How deep is the 'Black Swan' age divide?
The release of "Black Swan" this weekend continued to demonstrate what many in moviedom had suspected since the trailer blew up YouTube last summer: The movie could become an art-house sensation. At the 18 big-city locations the film played this weekend, Darren Aronofsky's supernatural ballet drama took in an average of nearly $80,000, which is a fancy numerical way of saying that audiences jammed theaters.
It's still far from resolved how well the Natalie Portman-Mila Kunis film will travel. Will it go beyond the urbane audiences who came out to see it this weekend and become a pop-culture juggernaut like the 2008 film "Slumdog Millionaire," another holiday-season genre bender? Or is it more akin to, well, Aronofsky's "The Wrestler," a well-received awards film that, at $26 million in box office, was nonetheless mainly a niche hit?
But one weekend into its release, one thing has become clear about "Black Swan." There's a generational divide. And despite its ballet-world setting, it's a divide that cuts sharply against older audiences.
In an informal poll of theater managers this weekend, distributor Fox Searchlight found that audiences were almost overwhelmingly younger than 50, with most 35 and under. "This is much younger than we usually get," Nancy Utley, co-president of distributor Fox Searchlight, said in an interview last week.
Meanwhile, critics about 50 or younger have embraced the horror-ballet combination almost universally: Michael Phillips ("an exciting fairy tale for grown-ups"), Andrew O' Hehir ("a memorable near-masterpiece") and Manohla Dargis ("shocking, funny and touching"), to name a few. Not so at the other end of the age spectrum. Some older critics liked it, but plenty didn't. David Denby, the L.A. Times' Kenneth Turan ("You won't be having a lot of fun at 'Black Swan' "), Rex Reed and Kirk Honeycutt ("trying to coax a horror-thriller out of the world of ballet doesn't begin to work for Darren Aronofsky") wrote skeptical or scathing reviews.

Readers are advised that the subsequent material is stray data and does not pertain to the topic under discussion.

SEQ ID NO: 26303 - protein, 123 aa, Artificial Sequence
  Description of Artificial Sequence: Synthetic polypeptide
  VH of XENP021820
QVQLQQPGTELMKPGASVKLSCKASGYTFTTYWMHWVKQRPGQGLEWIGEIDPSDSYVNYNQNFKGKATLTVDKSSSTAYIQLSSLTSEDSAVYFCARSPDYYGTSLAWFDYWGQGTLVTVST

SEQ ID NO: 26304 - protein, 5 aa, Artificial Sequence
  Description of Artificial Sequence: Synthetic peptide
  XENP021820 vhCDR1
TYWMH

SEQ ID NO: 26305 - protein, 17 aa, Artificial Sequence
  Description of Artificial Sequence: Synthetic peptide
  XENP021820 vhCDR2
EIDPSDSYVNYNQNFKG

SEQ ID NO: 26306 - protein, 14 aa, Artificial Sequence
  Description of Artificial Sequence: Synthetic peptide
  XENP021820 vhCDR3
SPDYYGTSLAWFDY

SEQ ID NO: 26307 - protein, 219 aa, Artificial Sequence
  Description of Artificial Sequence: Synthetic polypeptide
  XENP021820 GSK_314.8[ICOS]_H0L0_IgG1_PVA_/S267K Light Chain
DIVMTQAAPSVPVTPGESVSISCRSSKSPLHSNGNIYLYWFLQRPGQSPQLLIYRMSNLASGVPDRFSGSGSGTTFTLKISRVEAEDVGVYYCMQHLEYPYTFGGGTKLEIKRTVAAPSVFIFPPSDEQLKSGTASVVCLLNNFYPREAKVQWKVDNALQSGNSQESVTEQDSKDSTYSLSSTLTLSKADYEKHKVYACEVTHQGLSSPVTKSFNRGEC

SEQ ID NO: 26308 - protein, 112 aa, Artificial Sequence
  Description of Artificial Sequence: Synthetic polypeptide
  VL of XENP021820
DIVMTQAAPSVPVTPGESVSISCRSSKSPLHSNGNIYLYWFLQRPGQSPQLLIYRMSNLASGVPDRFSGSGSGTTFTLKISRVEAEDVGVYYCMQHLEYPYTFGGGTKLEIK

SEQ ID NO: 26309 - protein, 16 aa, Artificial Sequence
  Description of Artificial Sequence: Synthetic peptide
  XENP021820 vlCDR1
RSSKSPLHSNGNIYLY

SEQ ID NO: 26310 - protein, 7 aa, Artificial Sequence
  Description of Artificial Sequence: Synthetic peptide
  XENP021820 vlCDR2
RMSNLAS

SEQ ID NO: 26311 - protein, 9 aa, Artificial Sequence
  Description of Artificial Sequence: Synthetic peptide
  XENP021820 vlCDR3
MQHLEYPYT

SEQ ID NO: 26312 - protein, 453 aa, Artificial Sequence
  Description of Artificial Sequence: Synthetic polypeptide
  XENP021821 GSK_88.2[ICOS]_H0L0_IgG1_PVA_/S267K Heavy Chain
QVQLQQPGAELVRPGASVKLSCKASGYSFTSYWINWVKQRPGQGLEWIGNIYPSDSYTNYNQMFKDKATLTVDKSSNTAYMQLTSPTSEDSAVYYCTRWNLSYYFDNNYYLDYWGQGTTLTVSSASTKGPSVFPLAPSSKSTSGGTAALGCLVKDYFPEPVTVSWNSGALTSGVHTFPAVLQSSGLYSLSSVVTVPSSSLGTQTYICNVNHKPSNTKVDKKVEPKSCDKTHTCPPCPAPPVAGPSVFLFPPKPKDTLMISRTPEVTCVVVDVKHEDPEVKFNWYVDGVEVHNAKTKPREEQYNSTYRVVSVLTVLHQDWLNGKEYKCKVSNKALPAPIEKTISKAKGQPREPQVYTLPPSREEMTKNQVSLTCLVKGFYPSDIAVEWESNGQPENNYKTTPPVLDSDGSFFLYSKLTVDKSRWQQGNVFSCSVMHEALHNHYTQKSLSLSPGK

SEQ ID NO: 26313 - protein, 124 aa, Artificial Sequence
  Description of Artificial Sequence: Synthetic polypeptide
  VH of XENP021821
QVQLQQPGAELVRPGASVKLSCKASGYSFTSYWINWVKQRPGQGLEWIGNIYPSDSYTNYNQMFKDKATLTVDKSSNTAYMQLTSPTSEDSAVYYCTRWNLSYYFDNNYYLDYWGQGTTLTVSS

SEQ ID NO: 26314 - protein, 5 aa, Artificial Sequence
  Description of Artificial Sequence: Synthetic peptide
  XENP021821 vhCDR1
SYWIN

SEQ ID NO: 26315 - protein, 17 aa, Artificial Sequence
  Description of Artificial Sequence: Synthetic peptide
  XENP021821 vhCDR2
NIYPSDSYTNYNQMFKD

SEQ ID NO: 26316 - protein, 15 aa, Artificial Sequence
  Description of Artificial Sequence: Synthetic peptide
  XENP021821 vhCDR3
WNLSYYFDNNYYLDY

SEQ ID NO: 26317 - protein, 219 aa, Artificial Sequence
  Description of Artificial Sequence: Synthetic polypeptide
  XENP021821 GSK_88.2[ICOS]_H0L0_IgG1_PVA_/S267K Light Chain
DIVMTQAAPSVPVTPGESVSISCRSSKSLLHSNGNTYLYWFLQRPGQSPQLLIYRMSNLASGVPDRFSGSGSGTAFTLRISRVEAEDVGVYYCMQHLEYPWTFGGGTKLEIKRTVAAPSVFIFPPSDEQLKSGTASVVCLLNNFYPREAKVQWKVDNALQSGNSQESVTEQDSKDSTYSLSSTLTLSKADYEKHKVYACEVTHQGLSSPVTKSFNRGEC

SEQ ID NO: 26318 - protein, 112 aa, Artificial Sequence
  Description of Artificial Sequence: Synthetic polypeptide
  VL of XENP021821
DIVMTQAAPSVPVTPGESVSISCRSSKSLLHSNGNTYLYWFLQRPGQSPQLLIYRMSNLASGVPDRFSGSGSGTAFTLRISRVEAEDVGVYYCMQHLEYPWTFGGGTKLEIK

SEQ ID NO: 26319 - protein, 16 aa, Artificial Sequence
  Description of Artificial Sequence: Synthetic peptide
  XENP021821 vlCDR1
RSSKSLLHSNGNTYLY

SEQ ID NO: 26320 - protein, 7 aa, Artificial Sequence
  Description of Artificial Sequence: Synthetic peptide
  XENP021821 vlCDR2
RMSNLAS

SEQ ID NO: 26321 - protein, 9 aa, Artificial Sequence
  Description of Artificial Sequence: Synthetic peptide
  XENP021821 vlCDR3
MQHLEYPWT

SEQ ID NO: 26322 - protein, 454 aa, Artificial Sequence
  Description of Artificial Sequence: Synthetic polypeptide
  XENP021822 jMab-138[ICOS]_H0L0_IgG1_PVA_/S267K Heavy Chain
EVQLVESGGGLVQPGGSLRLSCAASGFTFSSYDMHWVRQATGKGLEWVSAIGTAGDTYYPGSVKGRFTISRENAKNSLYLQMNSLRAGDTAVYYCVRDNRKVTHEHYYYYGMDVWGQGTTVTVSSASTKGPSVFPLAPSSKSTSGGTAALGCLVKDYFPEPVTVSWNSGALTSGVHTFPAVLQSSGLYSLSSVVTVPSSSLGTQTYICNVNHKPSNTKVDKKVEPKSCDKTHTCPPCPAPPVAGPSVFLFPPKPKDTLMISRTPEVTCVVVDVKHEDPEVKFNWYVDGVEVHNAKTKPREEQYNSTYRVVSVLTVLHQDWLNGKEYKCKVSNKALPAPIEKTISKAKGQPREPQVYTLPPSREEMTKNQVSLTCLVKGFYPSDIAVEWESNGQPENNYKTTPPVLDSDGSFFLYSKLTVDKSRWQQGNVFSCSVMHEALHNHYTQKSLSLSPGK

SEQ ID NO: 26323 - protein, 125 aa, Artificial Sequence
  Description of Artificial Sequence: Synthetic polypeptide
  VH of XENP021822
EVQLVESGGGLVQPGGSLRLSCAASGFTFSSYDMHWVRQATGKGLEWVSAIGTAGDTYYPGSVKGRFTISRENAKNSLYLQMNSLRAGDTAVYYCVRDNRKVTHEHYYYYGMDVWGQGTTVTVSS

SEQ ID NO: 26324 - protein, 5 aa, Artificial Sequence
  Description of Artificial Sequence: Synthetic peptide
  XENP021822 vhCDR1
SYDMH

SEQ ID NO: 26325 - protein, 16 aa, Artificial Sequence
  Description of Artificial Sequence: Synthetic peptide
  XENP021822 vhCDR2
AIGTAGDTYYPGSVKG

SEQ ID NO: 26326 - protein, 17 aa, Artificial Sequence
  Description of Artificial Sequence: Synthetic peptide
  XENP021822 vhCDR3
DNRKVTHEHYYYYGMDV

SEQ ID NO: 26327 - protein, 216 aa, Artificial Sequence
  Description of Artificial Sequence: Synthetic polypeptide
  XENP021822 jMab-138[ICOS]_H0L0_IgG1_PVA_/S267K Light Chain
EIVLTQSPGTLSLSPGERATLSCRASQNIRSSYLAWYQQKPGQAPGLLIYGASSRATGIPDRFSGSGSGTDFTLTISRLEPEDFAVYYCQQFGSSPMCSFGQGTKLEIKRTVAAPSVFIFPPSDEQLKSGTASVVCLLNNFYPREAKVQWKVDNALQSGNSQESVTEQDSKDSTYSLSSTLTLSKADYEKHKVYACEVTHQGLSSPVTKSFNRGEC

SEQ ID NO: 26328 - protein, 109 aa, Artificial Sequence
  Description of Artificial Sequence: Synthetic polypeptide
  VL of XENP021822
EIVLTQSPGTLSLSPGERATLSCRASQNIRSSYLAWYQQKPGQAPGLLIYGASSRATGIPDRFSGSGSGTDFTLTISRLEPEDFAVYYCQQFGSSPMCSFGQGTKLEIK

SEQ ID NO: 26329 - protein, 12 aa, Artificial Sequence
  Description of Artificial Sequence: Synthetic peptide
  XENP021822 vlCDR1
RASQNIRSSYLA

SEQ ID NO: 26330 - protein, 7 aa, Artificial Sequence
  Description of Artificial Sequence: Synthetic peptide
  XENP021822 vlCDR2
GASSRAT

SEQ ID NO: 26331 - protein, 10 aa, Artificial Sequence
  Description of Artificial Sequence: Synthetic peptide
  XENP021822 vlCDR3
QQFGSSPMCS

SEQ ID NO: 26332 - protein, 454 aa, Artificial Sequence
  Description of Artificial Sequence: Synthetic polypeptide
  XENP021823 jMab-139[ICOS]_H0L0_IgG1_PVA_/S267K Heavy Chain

What's behind a split like this? Younger filmgoers, many of them coming of age after the worst of the Cold War and in a time of moral relativism, might say their generation is better designed to tolerate ambiguity. And "Black Swan" dwells in a place of deep ambiguity -- in its combination of genres, in its schizophrenic tone (is it high art or low camp?), in the very fabric of the film, in which we're never sure how much is real and how much is imagined.
OIder filmgoers might counter that their generation knows how to value subtlety and quiet. And as fun as "Swan" is, subtle and quiet it isn't. ("All the subtlety of a chain saw," Reed hectors.) In many ways, in fact, the age gap on "Swan" is the mirror image of Clint Eastwood's "Hereafter" -- a film that took quiet to a new level, and that was beloved by older audiences while younger ones mostly rolled their eyes.
Movies skew young or old all the time, of course. But the passions that this one tends to evoke -- Denby ends his review by suggesting that "someone should crack [an Easter egg] on Aronofsky’s noggin and bring him to his senses" -- seem particularly tied to age. As it rolls out, "Black Swan" looks likely to become a study in generational fault lines.
"Slumdog Millionaire" was, of course, a multi-generational crowd-pleaser. But in keeping with its director's provocateur reputation and the film's multiple interpretations, "Swan" is on its way to becoming something far more complicated, polarizing ... ambiguous.
Photo: Natalie Portman in "Black Swan." Credit: Fox Searchlight
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